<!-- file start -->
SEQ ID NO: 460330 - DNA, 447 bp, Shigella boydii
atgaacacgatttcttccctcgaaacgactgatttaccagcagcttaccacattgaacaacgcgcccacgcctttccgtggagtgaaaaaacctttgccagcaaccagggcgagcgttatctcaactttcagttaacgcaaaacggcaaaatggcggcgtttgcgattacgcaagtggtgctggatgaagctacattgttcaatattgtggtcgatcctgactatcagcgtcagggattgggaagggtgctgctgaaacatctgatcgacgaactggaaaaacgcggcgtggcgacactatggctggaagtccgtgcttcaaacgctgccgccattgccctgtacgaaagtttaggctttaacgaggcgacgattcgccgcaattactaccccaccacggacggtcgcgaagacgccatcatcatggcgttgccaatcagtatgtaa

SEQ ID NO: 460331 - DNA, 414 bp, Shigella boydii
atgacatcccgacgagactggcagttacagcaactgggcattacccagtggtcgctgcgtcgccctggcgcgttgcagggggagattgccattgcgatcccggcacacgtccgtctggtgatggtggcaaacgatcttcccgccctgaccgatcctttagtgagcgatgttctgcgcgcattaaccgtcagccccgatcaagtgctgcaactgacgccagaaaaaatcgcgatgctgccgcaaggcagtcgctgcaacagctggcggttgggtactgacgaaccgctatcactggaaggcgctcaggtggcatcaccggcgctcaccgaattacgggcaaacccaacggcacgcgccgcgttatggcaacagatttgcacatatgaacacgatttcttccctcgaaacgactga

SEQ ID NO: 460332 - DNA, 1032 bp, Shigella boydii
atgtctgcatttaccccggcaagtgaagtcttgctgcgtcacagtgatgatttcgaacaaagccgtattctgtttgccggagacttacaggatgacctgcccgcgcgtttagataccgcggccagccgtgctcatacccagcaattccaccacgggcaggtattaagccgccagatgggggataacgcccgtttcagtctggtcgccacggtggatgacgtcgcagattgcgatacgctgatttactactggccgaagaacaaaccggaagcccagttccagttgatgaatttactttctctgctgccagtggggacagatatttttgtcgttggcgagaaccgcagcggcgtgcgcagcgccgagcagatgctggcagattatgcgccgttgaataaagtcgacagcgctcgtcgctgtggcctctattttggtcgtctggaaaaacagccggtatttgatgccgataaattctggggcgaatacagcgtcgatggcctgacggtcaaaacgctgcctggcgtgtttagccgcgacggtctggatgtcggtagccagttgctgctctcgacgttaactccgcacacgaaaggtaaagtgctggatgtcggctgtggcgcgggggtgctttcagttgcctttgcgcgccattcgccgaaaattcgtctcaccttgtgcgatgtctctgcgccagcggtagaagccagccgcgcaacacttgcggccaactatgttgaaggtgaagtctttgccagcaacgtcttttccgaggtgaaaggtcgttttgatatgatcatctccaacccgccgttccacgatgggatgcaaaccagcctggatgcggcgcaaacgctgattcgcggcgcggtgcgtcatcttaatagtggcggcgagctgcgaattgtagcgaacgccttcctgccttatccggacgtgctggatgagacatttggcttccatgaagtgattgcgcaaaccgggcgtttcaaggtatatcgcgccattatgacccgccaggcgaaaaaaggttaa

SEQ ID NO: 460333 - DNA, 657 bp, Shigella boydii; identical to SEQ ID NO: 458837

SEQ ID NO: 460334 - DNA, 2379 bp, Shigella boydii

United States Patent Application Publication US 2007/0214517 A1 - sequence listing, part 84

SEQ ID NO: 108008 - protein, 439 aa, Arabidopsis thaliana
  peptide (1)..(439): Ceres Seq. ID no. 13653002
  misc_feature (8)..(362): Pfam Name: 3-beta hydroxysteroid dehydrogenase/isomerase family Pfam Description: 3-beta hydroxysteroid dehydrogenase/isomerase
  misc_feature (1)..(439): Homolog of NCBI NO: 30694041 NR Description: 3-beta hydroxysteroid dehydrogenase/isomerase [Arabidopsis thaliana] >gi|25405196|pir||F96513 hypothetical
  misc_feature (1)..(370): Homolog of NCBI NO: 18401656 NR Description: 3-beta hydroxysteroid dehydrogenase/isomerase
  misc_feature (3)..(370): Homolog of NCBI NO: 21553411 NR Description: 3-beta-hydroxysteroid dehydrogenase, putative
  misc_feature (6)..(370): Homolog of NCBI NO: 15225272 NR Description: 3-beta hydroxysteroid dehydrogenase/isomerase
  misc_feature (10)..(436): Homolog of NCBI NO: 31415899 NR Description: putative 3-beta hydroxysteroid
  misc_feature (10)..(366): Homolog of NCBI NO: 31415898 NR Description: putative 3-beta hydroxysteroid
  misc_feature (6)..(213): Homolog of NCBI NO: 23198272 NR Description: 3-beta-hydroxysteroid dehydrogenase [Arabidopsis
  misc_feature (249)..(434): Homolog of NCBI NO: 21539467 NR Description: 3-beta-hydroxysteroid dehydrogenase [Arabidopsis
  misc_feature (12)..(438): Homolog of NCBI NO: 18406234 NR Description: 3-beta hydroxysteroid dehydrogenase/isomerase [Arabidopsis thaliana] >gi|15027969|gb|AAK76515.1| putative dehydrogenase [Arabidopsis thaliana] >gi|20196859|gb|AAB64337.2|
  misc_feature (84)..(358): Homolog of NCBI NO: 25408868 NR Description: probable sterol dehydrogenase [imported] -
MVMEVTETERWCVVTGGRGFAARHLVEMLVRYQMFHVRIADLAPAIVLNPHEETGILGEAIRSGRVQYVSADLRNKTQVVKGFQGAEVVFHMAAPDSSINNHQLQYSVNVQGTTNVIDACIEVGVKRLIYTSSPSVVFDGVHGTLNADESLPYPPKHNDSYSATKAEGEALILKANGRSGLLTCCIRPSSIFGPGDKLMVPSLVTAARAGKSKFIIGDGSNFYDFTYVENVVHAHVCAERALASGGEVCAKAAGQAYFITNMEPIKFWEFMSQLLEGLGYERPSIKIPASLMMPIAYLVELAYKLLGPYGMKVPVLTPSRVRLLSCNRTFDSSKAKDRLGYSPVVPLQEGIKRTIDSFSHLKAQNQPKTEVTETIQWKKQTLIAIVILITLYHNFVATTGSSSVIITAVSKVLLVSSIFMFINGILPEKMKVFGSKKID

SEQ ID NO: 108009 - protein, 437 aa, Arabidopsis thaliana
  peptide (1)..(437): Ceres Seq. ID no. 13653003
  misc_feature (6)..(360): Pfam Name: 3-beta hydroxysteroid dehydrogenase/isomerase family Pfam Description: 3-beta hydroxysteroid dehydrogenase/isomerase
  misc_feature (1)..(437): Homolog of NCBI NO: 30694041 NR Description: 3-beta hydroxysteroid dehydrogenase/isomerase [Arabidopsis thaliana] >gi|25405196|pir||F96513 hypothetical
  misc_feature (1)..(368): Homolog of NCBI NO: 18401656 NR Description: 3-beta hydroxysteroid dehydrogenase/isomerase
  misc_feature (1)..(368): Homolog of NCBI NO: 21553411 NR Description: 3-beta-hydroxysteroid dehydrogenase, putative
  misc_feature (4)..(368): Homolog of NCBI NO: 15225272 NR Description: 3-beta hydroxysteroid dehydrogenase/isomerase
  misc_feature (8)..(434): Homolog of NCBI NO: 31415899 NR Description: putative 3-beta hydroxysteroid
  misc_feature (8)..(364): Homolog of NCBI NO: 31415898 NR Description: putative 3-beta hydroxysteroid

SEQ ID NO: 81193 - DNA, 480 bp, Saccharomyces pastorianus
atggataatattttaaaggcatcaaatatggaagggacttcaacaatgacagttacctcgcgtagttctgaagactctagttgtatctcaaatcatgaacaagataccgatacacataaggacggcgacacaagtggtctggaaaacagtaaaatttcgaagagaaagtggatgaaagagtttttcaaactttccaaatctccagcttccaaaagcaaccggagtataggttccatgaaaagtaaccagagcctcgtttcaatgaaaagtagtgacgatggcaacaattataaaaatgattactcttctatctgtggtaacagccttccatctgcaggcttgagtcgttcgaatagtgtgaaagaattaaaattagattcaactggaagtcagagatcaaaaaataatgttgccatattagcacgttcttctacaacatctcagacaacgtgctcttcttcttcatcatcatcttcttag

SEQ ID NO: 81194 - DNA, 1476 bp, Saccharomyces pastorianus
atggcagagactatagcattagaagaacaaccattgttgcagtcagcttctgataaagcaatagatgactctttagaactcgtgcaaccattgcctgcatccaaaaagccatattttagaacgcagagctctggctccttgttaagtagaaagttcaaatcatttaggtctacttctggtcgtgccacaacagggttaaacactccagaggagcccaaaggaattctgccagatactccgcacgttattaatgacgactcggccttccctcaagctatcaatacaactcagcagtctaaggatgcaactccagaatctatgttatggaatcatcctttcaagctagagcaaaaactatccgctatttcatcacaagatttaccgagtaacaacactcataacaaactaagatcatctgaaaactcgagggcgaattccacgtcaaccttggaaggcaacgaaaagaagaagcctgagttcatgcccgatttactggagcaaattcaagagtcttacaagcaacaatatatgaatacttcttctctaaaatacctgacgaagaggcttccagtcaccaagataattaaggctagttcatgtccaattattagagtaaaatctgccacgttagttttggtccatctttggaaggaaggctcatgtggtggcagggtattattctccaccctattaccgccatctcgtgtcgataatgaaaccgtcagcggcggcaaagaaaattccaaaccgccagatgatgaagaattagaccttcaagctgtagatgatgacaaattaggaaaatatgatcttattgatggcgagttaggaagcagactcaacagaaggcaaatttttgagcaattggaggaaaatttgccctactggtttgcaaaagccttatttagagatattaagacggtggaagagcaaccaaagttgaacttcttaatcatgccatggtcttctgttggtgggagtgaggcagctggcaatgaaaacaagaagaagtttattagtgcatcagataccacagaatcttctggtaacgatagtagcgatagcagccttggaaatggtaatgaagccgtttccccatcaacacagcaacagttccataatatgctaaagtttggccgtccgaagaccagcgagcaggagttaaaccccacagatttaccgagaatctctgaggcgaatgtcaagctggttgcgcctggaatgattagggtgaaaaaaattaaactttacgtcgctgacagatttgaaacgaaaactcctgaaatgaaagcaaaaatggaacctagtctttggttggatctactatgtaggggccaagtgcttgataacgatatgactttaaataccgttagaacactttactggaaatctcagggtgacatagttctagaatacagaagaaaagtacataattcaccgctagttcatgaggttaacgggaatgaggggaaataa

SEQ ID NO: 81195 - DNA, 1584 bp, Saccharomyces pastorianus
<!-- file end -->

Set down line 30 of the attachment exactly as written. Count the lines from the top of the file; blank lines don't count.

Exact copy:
  misc_feature (4)..(368): Homolog of NCBI NO: 15225272 NR Description: 3-beta hydroxysteroid dehydrogenase/isomerase